Will Ferrell spills the beans on Anchorman 2.5

JENNA CLARKE
Last updated 12:30 26/11/2013
Anchorman
Reuters

KIND OF A BIG DEAL: Anchorman 2 cast, from right, Will Ferrell, David Koechner, Paul Rudd, and Steve Carell pose at Australian premiere in Sydney.

Anchorman 2

Ron Burgundy and his Dodge Durango

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Will Ferrell said he would never participate in a sequel for any of his movies. That was until the love for Ron Burgundy became too much for the Anchorman 2 writer and star.

"The fandom for this movie just kept growing with each year and after doing so many trips to Australia promoting other movies, where, after the second question, all I'm being asked is, 'Are you going to do a sequel to Anchorman?', we thought that maybe we should really do this," Ferrell told Fairfax Media following the Australian premiere of the sequel to the 2004 sleeper hit.

It was understandable then as to why he was decidedly coy and more interested in eating a lozenge than answering, "Are the rumours about an Anchorman 2.5 true?"

"There could be a whole other movie. There are 230 jokes that you could put in and into a recut of the first movie."

Co-star David Koechner, who plays the cowboy hat wearing, catch phrase loving sports reporter Champ Kind, chimed in, "He's not joking. McKay [director and co-writer Adam McKay] has gone through it. Somebody has counted."

Such close attention to detail is not surprising.

Carefully lodged between hilarious scenes of a manic Brick Tamland (played by Steve Carell) wooing Kristen Wiig's character, Chani, and Ron bottle feeding a shark, Anchorman 2 is a subtle slap in the face to the new media and news media especially.

The film is the comedic equivalent of Aaron Sorkin's TV series, The Newsroom.

Anyone who has ever decreed, "This isn't news!" while watching or reading 'the news' will love the jokes, media bosses - not so much. The cameo list however, which boasts strong performances by Harrison Ford, Tina Fey, Jim Carrey and even Kanye West, will have mass appeal.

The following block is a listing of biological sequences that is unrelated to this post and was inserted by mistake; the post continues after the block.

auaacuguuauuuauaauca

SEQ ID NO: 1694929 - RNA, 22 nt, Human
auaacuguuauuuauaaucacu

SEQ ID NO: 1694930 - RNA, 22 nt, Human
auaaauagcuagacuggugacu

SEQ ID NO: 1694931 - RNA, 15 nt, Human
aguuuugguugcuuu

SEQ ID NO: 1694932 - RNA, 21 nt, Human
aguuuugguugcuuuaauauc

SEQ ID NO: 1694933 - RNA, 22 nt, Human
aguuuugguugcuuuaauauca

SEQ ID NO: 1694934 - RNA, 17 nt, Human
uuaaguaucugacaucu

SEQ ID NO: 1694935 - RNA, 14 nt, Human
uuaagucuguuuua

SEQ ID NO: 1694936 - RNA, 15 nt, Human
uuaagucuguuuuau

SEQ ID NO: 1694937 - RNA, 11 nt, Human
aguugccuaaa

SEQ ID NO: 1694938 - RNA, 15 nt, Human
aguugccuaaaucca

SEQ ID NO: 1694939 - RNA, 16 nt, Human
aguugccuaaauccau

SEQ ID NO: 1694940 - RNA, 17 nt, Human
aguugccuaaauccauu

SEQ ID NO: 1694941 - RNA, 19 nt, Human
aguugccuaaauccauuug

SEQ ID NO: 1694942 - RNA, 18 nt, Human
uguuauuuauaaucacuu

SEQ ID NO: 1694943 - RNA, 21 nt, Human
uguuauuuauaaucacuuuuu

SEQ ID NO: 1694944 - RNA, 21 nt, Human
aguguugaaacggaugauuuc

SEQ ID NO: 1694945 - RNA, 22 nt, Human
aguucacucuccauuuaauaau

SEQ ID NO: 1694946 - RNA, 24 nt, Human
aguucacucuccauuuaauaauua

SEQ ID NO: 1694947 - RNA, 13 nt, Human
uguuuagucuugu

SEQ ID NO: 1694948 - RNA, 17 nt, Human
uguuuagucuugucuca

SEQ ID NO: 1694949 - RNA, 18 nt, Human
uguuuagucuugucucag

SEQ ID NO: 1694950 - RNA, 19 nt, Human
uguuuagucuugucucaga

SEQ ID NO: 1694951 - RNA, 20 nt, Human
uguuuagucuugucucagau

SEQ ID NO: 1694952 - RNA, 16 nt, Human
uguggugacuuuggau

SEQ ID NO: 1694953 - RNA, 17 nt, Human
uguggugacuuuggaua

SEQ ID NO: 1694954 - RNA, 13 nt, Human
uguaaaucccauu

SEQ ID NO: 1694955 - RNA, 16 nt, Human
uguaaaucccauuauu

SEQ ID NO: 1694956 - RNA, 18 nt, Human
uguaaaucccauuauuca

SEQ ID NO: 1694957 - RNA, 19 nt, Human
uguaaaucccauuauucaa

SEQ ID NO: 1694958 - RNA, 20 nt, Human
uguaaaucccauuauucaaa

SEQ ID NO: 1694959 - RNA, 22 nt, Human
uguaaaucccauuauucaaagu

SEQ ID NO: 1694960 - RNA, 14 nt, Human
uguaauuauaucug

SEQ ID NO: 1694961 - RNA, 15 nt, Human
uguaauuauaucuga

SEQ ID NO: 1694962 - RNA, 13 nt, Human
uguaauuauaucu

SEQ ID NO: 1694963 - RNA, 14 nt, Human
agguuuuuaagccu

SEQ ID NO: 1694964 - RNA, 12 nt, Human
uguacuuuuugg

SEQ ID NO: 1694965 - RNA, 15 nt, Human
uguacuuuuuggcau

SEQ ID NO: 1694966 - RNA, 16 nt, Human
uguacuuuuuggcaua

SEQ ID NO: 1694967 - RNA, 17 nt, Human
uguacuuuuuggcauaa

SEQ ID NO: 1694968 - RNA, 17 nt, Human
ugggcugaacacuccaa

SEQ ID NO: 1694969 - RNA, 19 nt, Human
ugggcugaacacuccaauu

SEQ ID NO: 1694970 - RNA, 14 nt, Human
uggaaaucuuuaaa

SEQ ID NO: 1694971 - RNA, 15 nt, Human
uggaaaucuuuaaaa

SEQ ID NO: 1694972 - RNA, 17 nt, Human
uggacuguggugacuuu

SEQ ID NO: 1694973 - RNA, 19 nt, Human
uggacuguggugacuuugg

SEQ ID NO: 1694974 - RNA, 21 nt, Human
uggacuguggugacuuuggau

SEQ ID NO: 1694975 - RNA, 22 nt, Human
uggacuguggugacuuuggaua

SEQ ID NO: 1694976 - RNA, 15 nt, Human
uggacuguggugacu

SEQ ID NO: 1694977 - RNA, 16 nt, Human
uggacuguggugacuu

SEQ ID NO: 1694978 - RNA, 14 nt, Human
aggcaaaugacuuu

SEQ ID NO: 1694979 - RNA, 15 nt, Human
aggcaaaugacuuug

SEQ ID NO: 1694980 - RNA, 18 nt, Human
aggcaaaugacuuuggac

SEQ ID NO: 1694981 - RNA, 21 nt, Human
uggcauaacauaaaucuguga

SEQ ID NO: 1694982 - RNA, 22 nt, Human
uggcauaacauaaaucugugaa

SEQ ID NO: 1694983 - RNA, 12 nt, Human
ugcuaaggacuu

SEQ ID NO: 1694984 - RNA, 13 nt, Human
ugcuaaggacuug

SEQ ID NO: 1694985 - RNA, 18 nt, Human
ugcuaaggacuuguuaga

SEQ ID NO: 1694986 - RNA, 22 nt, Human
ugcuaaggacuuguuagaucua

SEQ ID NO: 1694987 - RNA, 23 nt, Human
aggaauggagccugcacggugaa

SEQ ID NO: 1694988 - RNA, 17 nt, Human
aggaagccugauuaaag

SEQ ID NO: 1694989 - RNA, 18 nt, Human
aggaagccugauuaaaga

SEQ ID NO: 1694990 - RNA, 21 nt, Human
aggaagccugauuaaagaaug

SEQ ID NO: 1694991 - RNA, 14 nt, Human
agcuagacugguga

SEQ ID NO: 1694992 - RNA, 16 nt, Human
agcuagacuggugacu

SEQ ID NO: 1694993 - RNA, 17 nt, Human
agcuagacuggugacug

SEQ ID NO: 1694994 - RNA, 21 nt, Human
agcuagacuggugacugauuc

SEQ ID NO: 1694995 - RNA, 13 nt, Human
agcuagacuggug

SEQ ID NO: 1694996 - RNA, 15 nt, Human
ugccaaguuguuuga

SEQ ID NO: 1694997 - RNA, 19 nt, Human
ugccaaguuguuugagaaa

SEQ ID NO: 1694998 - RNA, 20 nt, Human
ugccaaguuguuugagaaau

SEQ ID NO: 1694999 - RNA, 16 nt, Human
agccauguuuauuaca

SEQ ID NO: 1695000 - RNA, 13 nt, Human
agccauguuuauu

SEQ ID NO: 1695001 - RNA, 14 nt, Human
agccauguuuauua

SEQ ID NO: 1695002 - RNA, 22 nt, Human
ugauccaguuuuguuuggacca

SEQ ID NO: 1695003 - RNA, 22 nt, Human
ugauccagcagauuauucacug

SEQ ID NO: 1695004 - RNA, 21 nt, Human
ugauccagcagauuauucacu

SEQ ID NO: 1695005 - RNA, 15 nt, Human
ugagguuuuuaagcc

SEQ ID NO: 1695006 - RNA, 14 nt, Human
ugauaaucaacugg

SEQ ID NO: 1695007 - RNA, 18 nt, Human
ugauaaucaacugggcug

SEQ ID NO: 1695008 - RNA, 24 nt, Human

The original's glass case of emotion is gone. Ferrell and McKay's sequel is all about those in glass houses.    

"Some people in the news world will embrace it, but I think there will be a fair amount of denial in it, saying 'We're not that bad', but yes. Yes, you are," Ferrell said.

"There will probably be tears [from real life newscasters] because the curtain has been drawn," Koechner said.

Not only does the film hold a mirror up to the mechanisations of the media, but it is also revolutionising the way movies are promoted. The strategic yet savvy Australian marketing activities are proof of this. Each of the special YouTube videos starring Ron Burgundy released in time for the federal electionAFL grand final and Melbourne Cup all went viral.

"This has been the most comprehensive amount of material I've ever participated in," Ferrell told industry magazine Adweek.

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For all the innovation behind the scenes, the final Anchorman 2 product is set in the early '80s and shows just how far Ron, Veronica and the entire Channel 4 news team have come. The days of "Panda Watch" in San Diego are long gone. They are a ratings phenomenon in New York after being hired by Australian mogul and Koala Airlines owner, Kench Allenby (played by Australian actor Josh Lawson), at his new 24-hour news service.

After smoking crack on live TV and investigating the "greatest human mystery that is the vagina", they are swiftly promoted by the Murdoch-esque Allenby to prime time at the station which bears an uncanny resemblance to the real life Fox News network.

"We loved paying homage to one Mr Ronald Murdoch," Ferrell said as Koechner, Carell and Rudd smirked and nodded.

"Ah, it's Rupert Murdoch. His name is Rupert," a minder interjected as our interview came to an end.

"I know, that was the joke," Ferrell replied.

Anchorman 2 opens in cinemas on December 19.

- Sydney Morning Herald

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